Stars In Their Courses: The Gettysburg Campaign-In Battle for the Wastelands and its companion novella "Son of Grendel," most of the action is centered on a platoon (30-40 men) or company (100 men). The largest combat sequences in Battle involve forces that are perhaps a brigade (3,000 to 5,000 men) in size. Things scale up in the sequels significantly. I've also requested author Shelby Foote's novel about the Battle of Shiloh from the library to similarly pillage, since a novel would go into more detail about the experiences of a man on the ground so to speak.
A Nest of Corsairs: The Fighting Karamanlis of Tripoli-This is an older book about a pirate dynasty that ruled Tripoli as the (nominal) subordinates of the Ottoman sultan, but it has some truly vivid descriptions of the environment of Ottoman Tripoli that I copied wholesale into my notes to use as inspiration for sequences in the Wastelands world involving the Iron Desert as well as a "flintlock fantasy" set in a fantasyland version of the early modern Mediterranean. Although it's old-fashioned in some of its language, it's a very interesting read.
Dominion: How The Christian Revolution Remade The World-The Cobb County library has it but the Atlanta-Fulton library doesn't, so I requested an interlibrary loan. Since those are closed down right now, who knows when I'll actually read it. This book discusses the Christianization of Rome and the resulting effects on both Roman and broader Western society. Based on the reviews, the author (although not a Christian and sometimes very critical of Christianity) makes the argument that this improvement has been broadly positive.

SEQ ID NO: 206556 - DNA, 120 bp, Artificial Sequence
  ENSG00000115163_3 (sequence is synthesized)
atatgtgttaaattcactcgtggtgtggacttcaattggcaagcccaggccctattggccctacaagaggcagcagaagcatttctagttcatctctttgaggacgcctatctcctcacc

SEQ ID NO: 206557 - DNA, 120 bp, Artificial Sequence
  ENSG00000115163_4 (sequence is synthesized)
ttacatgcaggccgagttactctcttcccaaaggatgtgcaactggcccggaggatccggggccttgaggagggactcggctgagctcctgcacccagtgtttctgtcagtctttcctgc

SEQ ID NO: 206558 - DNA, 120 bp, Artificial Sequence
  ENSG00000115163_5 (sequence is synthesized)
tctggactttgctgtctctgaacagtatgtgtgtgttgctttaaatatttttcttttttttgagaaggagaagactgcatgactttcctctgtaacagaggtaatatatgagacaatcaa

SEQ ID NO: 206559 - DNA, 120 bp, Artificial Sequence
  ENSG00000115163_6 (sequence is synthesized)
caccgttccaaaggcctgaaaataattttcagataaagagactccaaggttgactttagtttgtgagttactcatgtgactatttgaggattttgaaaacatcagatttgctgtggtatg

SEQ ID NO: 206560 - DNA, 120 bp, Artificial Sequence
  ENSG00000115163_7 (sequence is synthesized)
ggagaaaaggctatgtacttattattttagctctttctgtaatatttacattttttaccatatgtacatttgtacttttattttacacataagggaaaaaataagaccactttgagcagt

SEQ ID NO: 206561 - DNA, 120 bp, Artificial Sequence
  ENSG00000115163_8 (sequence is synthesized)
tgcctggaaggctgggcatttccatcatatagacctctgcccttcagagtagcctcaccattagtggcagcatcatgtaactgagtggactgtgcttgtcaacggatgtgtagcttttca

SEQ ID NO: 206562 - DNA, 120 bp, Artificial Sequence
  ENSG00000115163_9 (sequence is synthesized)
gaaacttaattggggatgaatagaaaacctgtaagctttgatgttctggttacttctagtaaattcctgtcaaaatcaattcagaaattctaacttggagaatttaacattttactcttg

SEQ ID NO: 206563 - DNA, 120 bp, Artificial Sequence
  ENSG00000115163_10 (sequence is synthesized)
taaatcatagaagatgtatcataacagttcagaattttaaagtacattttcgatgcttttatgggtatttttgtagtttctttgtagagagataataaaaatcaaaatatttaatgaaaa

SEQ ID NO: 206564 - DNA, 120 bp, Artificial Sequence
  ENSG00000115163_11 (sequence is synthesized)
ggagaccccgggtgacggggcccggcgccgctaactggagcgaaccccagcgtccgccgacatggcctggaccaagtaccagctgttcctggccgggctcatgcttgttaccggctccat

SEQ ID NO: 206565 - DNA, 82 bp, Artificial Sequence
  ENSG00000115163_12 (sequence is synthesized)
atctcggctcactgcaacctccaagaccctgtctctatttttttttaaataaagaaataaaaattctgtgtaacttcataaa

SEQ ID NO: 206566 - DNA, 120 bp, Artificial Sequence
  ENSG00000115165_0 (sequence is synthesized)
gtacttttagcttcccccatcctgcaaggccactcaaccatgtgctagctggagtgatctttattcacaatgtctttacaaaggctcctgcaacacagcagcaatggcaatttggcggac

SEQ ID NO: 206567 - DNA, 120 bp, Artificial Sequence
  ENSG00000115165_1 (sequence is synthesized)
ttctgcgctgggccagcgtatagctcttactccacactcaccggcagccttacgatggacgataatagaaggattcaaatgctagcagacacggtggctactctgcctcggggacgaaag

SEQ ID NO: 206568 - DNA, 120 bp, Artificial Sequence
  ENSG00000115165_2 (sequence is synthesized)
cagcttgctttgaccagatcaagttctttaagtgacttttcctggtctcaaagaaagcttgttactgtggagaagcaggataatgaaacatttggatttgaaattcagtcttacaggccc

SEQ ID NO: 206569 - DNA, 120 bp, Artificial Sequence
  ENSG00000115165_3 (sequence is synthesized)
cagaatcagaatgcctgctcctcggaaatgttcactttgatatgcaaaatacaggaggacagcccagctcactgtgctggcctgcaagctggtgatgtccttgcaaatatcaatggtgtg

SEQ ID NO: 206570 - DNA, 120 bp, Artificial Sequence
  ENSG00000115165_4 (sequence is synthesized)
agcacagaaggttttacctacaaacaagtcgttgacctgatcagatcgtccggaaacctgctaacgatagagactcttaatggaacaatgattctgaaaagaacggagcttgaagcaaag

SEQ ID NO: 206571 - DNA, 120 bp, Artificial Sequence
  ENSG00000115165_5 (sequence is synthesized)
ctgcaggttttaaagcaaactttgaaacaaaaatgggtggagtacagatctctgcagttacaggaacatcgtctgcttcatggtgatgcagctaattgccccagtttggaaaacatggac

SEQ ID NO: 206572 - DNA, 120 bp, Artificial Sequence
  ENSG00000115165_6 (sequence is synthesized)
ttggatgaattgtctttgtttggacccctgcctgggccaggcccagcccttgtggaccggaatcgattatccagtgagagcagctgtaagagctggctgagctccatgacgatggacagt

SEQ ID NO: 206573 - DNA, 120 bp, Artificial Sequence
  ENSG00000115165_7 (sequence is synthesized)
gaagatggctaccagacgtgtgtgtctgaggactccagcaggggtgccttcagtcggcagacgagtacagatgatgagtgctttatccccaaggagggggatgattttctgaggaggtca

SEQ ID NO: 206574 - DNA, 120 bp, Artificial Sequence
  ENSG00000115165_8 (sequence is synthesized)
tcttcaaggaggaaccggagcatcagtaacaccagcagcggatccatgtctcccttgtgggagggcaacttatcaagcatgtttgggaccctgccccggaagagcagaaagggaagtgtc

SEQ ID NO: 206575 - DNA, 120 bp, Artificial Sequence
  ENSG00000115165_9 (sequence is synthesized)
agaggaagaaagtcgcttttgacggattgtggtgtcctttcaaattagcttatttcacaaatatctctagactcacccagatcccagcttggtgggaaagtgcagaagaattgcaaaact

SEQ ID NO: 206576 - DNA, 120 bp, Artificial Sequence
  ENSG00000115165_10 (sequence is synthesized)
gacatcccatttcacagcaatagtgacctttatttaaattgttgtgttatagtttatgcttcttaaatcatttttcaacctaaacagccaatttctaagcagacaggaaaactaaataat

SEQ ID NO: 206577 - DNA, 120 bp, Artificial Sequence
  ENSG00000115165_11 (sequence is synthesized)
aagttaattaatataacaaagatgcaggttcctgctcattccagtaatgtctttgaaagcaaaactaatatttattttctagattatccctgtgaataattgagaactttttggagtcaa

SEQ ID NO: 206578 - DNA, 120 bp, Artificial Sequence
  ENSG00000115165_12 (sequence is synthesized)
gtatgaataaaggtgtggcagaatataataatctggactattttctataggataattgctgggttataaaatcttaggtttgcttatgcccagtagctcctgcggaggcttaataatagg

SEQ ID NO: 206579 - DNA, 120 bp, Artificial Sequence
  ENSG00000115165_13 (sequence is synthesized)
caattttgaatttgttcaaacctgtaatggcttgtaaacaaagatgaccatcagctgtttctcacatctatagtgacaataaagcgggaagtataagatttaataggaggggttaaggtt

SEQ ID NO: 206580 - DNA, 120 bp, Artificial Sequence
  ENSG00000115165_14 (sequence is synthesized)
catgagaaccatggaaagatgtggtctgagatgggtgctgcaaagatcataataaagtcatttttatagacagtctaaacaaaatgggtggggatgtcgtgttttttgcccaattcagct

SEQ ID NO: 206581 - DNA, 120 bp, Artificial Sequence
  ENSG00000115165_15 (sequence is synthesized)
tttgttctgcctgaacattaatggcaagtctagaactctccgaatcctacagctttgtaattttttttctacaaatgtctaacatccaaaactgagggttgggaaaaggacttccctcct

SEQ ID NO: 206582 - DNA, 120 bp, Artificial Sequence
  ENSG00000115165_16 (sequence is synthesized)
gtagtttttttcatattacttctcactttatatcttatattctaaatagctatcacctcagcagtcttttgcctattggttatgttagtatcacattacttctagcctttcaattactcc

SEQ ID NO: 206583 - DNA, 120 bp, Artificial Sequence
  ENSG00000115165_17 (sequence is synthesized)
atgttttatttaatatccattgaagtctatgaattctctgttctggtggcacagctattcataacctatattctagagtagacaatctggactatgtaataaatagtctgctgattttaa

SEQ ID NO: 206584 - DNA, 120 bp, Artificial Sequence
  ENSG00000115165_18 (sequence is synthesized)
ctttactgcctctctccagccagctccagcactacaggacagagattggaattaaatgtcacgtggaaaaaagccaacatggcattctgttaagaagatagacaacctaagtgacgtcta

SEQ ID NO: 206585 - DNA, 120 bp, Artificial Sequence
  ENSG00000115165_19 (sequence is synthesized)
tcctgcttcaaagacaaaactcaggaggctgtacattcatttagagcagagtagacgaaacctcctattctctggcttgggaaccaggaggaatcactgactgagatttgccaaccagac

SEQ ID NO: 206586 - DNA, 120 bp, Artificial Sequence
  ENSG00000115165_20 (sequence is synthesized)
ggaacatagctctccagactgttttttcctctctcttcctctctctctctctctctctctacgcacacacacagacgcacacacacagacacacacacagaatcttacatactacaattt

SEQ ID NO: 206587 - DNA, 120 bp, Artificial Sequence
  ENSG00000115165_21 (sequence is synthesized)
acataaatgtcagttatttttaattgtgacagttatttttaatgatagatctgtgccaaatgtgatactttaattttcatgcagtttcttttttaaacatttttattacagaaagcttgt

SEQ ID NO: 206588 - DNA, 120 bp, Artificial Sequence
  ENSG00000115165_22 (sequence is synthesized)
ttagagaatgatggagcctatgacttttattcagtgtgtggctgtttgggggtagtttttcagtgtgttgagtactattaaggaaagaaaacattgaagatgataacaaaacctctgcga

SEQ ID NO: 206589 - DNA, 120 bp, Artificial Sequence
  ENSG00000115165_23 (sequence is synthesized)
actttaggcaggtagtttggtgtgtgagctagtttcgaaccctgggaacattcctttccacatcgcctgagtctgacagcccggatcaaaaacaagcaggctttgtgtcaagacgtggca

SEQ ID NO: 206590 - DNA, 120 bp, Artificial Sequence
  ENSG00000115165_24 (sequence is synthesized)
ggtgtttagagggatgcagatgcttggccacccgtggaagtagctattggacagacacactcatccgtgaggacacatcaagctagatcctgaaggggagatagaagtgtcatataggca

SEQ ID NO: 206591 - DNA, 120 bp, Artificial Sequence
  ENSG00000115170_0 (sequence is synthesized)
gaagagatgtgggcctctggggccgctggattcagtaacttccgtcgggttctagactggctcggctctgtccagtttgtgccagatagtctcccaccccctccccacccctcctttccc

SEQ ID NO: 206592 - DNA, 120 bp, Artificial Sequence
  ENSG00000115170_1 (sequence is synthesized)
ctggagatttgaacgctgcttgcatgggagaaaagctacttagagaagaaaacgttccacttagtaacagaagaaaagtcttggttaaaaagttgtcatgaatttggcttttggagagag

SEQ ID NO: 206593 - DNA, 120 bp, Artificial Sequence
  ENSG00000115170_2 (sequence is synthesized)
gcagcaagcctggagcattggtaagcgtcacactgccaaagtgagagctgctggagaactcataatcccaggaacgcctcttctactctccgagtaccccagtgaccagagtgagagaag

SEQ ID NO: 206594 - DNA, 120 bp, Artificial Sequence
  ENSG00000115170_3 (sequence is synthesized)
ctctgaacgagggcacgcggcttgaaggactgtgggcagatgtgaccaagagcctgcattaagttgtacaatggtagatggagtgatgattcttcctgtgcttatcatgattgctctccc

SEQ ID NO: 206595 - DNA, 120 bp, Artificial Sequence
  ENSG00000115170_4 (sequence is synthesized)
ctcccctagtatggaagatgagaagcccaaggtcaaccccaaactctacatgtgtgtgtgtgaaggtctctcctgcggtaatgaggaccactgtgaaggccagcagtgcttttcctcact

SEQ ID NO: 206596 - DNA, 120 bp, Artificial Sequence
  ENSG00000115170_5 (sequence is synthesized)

Sea Stories: My Life In Special Operations-This is an autobiography of Admiral William McRaven, a longtime Navy SEAL who ultimately planned the raid that killed Osama bin Laden. A lot of interesting stuff about the military in the late 20th and early 21st Centuries, plus some of the Wastelands books involve dirigible raids with assassination in mind, so I can use this as a model.
The Great Influenza: The Story of the Deadliest Pandemic In History-I haven't read this yet, but I have put it on hold from the library. It's about the Spanish Flu, which spread like COVID-19 but killed far worse, and its effect on science, world politics, etc. There are a bunch of people ahead of me in the line for it at the library, so a lot of people are seeing the COVID-19 parallels.
Civil War Commando: William Cushing and the Daring Raid to Sink The Ironclad CSS Albemarle-I vaguely remember reading about this episode as a child in one of my grandparents' Civil War books, but I recently heard about this on the History Unplugged podcast. This sounds like a pretty cool episode in and of itself, plus it's more research material for Wastelands. The Atlanta-Fulton library doesn't have it and interlibrary loans are shut down, so I might have to bite the bullet and buy it.